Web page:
Earlier this month, we focused on some financial pitfalls that can derail your retirement. This week, we look at some of the psychological and social aspects of retirement planning to help you plan for and thrive in your post-career years.
Retirement Planning Involves More Than Money
One of the biggest problems many people face in the early years of retirement is an identity crisis. Who am I now? For decades, you’ve proudly identified yourself by your occupation, but now you’re an ex-teacher, a former business executive, or a retired attorney. It’s quite a hurdle for many seniors to come to grips with being a “former.” The challenge is to figure out who you are today without the self-esteem feedback loop from your job.
You may not come up with an easy answer, but you should confront the issue before walking out the office door for the last time. It’s an opportunity to redefine who you are and begin connecting with others on a different level. You can also put your professional skills to good use as a volunteer or earn a few extra dollars as a freelancer.
Create a New Network in Retirement
Although you may not be best friends with all your work colleagues, there is a certain comfort and familiarity in seeing the same group five days a week (even if it’s just on Zoom). You may need to replace those work friends with a new social network. Even if you have a loving spouse, it’s probably not a good idea to spend 24/7 with them.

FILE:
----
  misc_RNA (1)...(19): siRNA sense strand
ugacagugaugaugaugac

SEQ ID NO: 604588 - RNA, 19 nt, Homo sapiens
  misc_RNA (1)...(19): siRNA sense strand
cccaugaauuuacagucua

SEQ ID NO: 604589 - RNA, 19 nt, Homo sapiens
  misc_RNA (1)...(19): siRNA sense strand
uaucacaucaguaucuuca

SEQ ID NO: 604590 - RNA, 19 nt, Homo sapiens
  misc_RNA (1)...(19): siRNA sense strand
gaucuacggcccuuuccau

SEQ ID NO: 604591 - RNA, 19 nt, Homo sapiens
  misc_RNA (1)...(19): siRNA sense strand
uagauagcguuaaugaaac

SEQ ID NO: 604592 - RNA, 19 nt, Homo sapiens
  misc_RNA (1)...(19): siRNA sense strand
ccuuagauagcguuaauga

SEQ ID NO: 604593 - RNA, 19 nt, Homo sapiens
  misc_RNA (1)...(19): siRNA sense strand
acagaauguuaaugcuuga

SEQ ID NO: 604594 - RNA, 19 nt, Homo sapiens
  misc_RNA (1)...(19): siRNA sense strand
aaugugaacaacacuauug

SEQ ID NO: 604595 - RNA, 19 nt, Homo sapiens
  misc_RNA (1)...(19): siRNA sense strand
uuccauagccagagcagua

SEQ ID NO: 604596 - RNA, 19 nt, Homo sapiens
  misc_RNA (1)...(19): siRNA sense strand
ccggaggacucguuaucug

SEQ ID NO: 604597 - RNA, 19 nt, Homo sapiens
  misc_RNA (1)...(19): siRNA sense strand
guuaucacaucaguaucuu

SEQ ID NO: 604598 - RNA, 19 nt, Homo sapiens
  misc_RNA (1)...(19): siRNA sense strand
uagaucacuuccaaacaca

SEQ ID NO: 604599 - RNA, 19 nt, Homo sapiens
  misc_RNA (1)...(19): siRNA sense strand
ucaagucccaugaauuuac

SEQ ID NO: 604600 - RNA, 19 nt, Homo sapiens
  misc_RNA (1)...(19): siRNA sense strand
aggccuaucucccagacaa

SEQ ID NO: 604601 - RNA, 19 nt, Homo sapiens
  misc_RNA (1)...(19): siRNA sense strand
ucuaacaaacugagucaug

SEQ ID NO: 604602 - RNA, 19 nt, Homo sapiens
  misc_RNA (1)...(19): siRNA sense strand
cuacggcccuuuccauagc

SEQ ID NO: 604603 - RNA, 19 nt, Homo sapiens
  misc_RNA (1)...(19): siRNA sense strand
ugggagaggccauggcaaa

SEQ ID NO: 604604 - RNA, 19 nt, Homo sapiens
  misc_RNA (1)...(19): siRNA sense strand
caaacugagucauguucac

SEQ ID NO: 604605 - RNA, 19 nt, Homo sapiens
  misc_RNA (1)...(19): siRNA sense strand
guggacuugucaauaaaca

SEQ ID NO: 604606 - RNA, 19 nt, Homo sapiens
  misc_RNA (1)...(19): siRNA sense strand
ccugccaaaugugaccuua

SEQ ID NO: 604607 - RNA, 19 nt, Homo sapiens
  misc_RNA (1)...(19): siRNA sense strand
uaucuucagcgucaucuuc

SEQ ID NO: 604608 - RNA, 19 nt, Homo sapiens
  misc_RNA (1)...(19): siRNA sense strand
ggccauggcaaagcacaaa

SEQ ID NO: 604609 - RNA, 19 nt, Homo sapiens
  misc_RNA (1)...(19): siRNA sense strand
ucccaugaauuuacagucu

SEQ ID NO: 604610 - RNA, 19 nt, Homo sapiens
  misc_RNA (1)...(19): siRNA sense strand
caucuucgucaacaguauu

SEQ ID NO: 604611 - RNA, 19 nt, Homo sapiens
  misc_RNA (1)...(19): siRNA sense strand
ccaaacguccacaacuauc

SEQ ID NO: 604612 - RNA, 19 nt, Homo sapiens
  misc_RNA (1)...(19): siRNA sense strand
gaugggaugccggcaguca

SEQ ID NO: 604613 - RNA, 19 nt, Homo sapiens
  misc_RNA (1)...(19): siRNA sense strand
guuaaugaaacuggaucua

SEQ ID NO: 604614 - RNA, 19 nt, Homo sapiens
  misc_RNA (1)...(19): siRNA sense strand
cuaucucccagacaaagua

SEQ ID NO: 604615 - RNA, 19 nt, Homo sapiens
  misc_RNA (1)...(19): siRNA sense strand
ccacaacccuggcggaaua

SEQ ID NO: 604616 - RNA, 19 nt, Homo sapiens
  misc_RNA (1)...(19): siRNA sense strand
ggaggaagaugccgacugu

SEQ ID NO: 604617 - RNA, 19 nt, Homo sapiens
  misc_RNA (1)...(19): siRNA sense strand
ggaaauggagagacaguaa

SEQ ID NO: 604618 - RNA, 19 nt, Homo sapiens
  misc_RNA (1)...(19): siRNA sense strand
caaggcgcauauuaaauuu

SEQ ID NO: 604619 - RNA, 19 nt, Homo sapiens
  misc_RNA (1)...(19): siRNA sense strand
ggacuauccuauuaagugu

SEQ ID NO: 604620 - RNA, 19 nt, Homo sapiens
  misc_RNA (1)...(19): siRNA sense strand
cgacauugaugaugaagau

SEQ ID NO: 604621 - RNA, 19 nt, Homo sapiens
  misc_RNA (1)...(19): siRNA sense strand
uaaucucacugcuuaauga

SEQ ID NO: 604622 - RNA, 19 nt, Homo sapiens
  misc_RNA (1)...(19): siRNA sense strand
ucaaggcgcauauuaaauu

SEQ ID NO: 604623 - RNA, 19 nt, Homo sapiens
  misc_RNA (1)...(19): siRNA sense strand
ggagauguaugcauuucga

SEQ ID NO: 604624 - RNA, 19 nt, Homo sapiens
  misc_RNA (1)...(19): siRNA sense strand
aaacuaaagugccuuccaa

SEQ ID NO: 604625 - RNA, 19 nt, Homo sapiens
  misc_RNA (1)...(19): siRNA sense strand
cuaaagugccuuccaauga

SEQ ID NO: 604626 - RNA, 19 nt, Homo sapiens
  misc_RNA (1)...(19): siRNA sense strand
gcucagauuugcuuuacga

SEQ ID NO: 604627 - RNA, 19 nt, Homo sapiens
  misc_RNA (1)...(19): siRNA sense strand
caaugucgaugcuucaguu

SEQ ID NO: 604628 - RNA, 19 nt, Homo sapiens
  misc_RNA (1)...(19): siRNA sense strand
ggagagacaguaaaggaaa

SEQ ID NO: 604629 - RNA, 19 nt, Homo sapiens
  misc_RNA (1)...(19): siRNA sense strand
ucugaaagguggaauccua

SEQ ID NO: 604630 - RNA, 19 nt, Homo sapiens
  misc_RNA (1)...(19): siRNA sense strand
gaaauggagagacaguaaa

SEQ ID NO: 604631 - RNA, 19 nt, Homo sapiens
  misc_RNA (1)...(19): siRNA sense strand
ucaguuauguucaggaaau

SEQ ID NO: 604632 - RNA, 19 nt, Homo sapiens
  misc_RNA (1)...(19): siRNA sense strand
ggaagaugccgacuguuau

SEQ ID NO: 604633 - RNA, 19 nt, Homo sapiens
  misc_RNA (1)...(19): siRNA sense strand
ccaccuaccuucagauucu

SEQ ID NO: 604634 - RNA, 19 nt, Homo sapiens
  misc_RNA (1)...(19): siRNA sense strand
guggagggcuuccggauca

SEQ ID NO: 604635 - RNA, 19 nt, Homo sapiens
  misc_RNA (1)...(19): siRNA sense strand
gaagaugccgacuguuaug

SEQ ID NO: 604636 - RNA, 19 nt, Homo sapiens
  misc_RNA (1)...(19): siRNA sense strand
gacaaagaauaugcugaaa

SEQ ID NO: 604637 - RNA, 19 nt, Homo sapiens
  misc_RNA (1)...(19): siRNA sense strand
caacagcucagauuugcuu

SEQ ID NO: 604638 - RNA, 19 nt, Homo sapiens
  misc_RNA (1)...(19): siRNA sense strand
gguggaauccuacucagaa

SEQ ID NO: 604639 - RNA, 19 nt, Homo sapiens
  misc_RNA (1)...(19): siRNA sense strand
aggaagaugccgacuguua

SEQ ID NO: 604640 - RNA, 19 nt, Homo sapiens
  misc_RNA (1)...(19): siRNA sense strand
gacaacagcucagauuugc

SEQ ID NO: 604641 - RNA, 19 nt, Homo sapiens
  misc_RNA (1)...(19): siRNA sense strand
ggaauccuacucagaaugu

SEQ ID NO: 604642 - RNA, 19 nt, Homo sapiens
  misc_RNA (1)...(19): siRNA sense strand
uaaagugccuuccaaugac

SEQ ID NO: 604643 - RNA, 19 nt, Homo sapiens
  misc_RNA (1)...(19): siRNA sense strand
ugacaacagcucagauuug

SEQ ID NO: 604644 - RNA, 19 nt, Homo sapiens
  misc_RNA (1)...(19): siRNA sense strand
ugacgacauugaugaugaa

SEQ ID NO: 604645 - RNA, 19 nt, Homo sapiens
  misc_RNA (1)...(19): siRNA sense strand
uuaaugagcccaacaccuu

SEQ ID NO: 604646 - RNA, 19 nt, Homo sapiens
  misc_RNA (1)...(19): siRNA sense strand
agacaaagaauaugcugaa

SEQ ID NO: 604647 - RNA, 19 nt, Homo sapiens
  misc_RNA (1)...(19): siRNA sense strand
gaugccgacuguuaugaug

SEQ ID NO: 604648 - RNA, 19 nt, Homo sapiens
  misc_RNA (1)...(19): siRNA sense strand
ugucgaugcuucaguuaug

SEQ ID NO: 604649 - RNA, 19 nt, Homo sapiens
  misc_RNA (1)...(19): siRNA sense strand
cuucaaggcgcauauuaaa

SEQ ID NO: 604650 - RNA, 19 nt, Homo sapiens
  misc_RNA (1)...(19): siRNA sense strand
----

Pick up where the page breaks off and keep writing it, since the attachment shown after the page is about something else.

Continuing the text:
Having a social network is extremely important for your mental and emotional health. Loneliness and isolation are real and can seriously impact the health and happiness of retirees. (See below for some ideas on forming new friendship groups.) It’s important to stay active and engaged.
If retirement does not turn out immediately to be the paradise you had imagined, it can trigger stress and anxiety. That can happen if you feel bored or isolated. You may want your retirement to be free and easy, but it’s still a good idea to have some level of structure and routine, even if it’s just one calendar item each day.
Spend Your Money in Retirement
Another psychological hurdle is realizing that the money you spend each month comes from your savings and not your paycheck. For people who have been savers for many years, that’s a tough transition. It requires a mindset adjustment to avoid feeling guilty about spending your own money.
Work with your EKS advisor to strike a comfortable balance between spending enough to enjoy your retirement without running the risk of outliving your savings.
Don’t Let Time Become a Burden
Often, people thinking about retirement wonder: what will I do all day?
Retirement is like an endless vacation. The pace is slower, but that’s part of the allure. A leisurely morning with the newspaper and cup of coffee, no more commuting, no more office politics, and not nearly as many drop-dead deadlines.
Some retirees say, “I don’t know how I had time to work!” But for others, time can become a burden, and retirement seems like a letdown. So, what will you do with all that time?